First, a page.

And they want him back in Gothenburg (Goteborg), not Stockholm, very, very odd --- oh yeah, that's where "Extreme Rendition Airlines" a k a, Jeppesen Systems AB is located!
      • by Taco Cowboy (5327) on Wednesday August 15, 2012 @07:59PM (#41004427) Journal

        No matter if the guy has raped that Swedish girl or not, - that's not the main point, for that "rape story" has become an excuse for UK to take action on behalf of Uncle Sam/

        By doing so, UK no longer honors its own sovereignty.

        A sovereign nation is like a free, dignified person, an entity that takes up action to protect it/him/herself, and has the freedom to do whatever it/he/she wants to do.

        United Kingdom, by threatening to storm the embassy of another nation, over a person whom we all know Uncle Sam wants, is no longer a nation which I respect - and I suspect I am not alone in not regarding UK as a dignified country no more.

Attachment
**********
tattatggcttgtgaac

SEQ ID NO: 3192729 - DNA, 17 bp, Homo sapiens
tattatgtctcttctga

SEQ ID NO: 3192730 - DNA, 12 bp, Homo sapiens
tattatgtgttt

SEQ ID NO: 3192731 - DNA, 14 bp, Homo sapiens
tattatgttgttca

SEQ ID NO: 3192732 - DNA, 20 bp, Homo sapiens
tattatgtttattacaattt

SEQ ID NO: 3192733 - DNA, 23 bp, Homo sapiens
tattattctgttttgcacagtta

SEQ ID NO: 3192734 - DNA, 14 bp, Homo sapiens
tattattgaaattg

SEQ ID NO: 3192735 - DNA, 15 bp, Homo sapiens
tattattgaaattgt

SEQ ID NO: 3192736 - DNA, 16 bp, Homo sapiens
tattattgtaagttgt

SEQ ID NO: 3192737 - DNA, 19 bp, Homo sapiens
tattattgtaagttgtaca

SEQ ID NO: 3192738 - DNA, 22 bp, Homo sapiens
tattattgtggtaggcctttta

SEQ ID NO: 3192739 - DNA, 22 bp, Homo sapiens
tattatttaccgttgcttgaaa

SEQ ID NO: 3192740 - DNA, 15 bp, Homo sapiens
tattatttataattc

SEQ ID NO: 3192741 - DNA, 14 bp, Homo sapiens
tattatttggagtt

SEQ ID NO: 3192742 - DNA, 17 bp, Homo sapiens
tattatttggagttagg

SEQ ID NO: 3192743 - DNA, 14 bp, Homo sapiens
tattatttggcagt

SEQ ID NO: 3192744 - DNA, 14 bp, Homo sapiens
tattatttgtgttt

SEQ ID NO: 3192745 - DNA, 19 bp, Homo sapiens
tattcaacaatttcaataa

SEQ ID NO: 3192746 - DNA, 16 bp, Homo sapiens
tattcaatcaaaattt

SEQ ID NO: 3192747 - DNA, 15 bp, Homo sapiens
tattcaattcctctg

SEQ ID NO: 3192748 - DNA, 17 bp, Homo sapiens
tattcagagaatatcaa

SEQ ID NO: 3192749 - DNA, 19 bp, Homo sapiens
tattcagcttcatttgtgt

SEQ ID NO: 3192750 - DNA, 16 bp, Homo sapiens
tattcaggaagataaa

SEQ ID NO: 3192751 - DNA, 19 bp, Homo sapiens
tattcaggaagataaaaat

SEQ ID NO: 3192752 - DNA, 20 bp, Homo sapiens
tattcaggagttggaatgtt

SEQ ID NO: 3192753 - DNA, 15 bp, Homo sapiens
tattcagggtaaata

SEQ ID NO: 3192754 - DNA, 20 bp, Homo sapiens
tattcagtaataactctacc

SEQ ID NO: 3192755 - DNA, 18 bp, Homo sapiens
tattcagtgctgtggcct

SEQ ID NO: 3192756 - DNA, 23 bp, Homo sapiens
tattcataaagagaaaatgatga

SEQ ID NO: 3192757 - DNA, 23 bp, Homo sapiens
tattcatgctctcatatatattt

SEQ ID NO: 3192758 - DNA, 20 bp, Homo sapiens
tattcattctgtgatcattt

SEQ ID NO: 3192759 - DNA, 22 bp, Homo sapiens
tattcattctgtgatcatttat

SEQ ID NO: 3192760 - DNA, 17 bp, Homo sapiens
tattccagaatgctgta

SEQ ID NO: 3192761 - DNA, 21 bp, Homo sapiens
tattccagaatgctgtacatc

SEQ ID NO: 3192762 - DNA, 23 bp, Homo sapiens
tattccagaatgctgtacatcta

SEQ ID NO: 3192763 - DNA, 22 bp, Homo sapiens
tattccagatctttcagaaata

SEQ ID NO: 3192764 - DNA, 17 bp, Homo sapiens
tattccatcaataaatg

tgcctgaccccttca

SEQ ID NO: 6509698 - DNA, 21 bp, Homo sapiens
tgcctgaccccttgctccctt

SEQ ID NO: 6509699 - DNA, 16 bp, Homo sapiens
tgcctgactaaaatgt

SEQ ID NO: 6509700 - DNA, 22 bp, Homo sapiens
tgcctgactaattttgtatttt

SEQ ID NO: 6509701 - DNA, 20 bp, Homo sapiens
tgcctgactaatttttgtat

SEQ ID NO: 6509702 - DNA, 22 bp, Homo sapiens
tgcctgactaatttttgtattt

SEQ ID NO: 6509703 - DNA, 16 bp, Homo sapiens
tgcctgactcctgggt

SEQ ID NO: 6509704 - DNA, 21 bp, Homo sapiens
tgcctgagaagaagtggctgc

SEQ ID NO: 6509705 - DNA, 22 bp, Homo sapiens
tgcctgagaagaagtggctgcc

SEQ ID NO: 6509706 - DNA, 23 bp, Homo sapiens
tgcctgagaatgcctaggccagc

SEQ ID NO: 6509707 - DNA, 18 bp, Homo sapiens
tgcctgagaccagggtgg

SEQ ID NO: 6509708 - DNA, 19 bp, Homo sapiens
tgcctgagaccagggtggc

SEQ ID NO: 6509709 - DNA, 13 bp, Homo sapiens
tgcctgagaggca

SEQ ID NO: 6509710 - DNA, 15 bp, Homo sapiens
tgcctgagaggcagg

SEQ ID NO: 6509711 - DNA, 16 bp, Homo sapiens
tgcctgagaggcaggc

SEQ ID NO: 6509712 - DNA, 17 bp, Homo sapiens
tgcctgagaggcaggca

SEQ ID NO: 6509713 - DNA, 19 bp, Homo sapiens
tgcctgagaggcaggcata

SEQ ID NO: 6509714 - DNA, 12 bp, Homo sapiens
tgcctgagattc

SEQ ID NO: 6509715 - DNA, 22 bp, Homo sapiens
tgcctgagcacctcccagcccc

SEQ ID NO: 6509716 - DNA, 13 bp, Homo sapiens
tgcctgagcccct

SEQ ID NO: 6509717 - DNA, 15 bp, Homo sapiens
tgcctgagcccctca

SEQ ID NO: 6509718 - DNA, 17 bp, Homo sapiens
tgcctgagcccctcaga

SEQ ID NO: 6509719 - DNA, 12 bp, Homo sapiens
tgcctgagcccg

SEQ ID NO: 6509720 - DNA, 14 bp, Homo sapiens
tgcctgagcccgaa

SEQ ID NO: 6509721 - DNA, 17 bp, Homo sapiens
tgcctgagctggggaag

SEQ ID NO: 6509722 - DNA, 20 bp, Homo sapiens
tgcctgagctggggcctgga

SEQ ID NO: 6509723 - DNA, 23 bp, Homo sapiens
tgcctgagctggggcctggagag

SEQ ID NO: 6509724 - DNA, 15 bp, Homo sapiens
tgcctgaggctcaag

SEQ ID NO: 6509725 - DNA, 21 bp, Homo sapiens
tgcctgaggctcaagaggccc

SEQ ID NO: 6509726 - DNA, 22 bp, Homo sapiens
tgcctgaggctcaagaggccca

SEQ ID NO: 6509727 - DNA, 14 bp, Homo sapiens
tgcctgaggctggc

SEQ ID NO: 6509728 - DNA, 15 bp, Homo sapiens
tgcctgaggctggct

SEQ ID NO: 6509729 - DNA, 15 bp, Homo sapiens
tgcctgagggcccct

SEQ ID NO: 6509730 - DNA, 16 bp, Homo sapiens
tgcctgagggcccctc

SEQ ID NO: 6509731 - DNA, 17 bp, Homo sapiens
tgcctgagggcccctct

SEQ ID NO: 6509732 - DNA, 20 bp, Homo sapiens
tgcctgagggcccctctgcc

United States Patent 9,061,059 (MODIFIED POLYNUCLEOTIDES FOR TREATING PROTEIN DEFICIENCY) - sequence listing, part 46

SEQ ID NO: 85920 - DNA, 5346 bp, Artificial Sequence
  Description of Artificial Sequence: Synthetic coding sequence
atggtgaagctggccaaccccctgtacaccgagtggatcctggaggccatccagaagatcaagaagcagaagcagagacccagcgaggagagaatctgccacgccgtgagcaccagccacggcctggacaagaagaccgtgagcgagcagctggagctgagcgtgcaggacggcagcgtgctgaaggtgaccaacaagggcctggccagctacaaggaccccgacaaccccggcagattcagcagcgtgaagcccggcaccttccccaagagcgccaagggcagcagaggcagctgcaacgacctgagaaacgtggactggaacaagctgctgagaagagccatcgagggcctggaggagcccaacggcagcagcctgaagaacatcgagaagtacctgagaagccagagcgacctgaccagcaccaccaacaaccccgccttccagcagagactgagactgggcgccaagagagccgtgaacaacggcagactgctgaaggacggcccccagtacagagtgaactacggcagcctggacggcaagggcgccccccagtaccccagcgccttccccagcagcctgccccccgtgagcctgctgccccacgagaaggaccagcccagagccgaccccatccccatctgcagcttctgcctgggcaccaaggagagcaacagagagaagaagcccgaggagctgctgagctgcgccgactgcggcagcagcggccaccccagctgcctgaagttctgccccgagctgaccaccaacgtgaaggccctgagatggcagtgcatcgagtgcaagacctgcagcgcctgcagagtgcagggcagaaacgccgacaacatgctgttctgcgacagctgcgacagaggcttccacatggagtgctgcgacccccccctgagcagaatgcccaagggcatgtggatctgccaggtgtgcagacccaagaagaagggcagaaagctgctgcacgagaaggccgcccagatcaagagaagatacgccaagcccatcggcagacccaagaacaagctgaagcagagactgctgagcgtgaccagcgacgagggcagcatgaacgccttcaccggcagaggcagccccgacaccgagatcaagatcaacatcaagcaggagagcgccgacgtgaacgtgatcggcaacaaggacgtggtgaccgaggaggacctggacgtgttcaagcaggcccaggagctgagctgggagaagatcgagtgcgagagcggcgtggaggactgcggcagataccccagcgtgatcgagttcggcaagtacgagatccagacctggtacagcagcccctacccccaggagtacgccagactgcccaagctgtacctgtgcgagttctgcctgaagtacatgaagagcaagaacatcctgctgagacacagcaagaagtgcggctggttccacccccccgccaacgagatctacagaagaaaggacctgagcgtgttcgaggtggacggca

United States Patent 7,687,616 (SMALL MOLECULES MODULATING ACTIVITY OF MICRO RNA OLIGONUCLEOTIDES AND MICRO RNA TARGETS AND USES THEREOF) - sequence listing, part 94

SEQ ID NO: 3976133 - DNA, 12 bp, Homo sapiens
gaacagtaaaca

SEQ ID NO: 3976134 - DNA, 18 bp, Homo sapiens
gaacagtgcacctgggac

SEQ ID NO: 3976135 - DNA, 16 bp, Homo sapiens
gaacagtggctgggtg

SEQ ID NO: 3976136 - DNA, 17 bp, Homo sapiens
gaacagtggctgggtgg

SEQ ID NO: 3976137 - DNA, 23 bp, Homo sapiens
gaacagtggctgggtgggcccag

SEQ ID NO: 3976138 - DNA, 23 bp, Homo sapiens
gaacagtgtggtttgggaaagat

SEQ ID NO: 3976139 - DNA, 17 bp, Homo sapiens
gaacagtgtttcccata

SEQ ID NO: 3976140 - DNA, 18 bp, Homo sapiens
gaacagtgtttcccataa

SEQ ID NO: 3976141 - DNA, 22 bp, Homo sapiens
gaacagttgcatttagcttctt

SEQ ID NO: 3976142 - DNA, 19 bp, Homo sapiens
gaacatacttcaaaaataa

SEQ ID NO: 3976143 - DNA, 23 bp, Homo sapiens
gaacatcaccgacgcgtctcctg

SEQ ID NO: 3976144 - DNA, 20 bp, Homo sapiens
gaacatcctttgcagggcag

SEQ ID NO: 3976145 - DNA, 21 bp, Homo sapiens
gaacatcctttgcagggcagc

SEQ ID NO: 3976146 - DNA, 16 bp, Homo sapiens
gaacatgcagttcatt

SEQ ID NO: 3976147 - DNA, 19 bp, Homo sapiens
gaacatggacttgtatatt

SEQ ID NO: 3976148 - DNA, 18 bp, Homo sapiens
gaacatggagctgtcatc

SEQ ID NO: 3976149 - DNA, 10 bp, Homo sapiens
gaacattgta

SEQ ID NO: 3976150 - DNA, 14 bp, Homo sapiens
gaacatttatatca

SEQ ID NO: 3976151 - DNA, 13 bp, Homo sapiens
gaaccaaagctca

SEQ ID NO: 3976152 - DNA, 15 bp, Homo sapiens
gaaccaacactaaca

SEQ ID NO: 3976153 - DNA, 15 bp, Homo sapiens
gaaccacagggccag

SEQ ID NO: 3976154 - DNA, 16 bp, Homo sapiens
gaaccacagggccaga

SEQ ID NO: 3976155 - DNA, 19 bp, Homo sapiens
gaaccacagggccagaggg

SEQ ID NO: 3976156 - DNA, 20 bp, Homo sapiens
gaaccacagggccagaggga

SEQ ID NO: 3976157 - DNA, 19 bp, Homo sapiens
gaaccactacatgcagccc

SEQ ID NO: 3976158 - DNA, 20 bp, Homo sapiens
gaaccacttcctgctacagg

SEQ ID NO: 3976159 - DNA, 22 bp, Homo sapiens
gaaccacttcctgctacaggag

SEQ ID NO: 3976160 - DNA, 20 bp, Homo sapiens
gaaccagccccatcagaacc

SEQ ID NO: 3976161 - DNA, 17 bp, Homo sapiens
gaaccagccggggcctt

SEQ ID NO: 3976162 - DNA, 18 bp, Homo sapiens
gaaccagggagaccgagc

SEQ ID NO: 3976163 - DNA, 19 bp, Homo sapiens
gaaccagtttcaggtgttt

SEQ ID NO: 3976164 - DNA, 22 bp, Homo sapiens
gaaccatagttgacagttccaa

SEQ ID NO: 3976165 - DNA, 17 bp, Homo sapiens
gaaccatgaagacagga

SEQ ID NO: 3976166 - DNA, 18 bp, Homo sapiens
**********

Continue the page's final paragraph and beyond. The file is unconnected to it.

• by second_coming (2014346) on Wednesday August 15, 2012 @08:12PM (#41004569)
          The British government are not the country, I doubt there are many people in the UK who would support this action and even fewer who are happy with the way the government sucks up to the US.
          • by Taco Cowboy (5327) on Wednesday August 15, 2012 @08:46PM (#41004945) Journal

            The British government are not the country, I doubt there are many people in the UK who would support this action and even fewer who are happy with the way the government sucks up to the US.

             
            If THAT's the case, then CHANGE YOUR GOVERNMENT, for crying out loud !!
             
            You guys in UK are still calling yourself a "democratic country", right?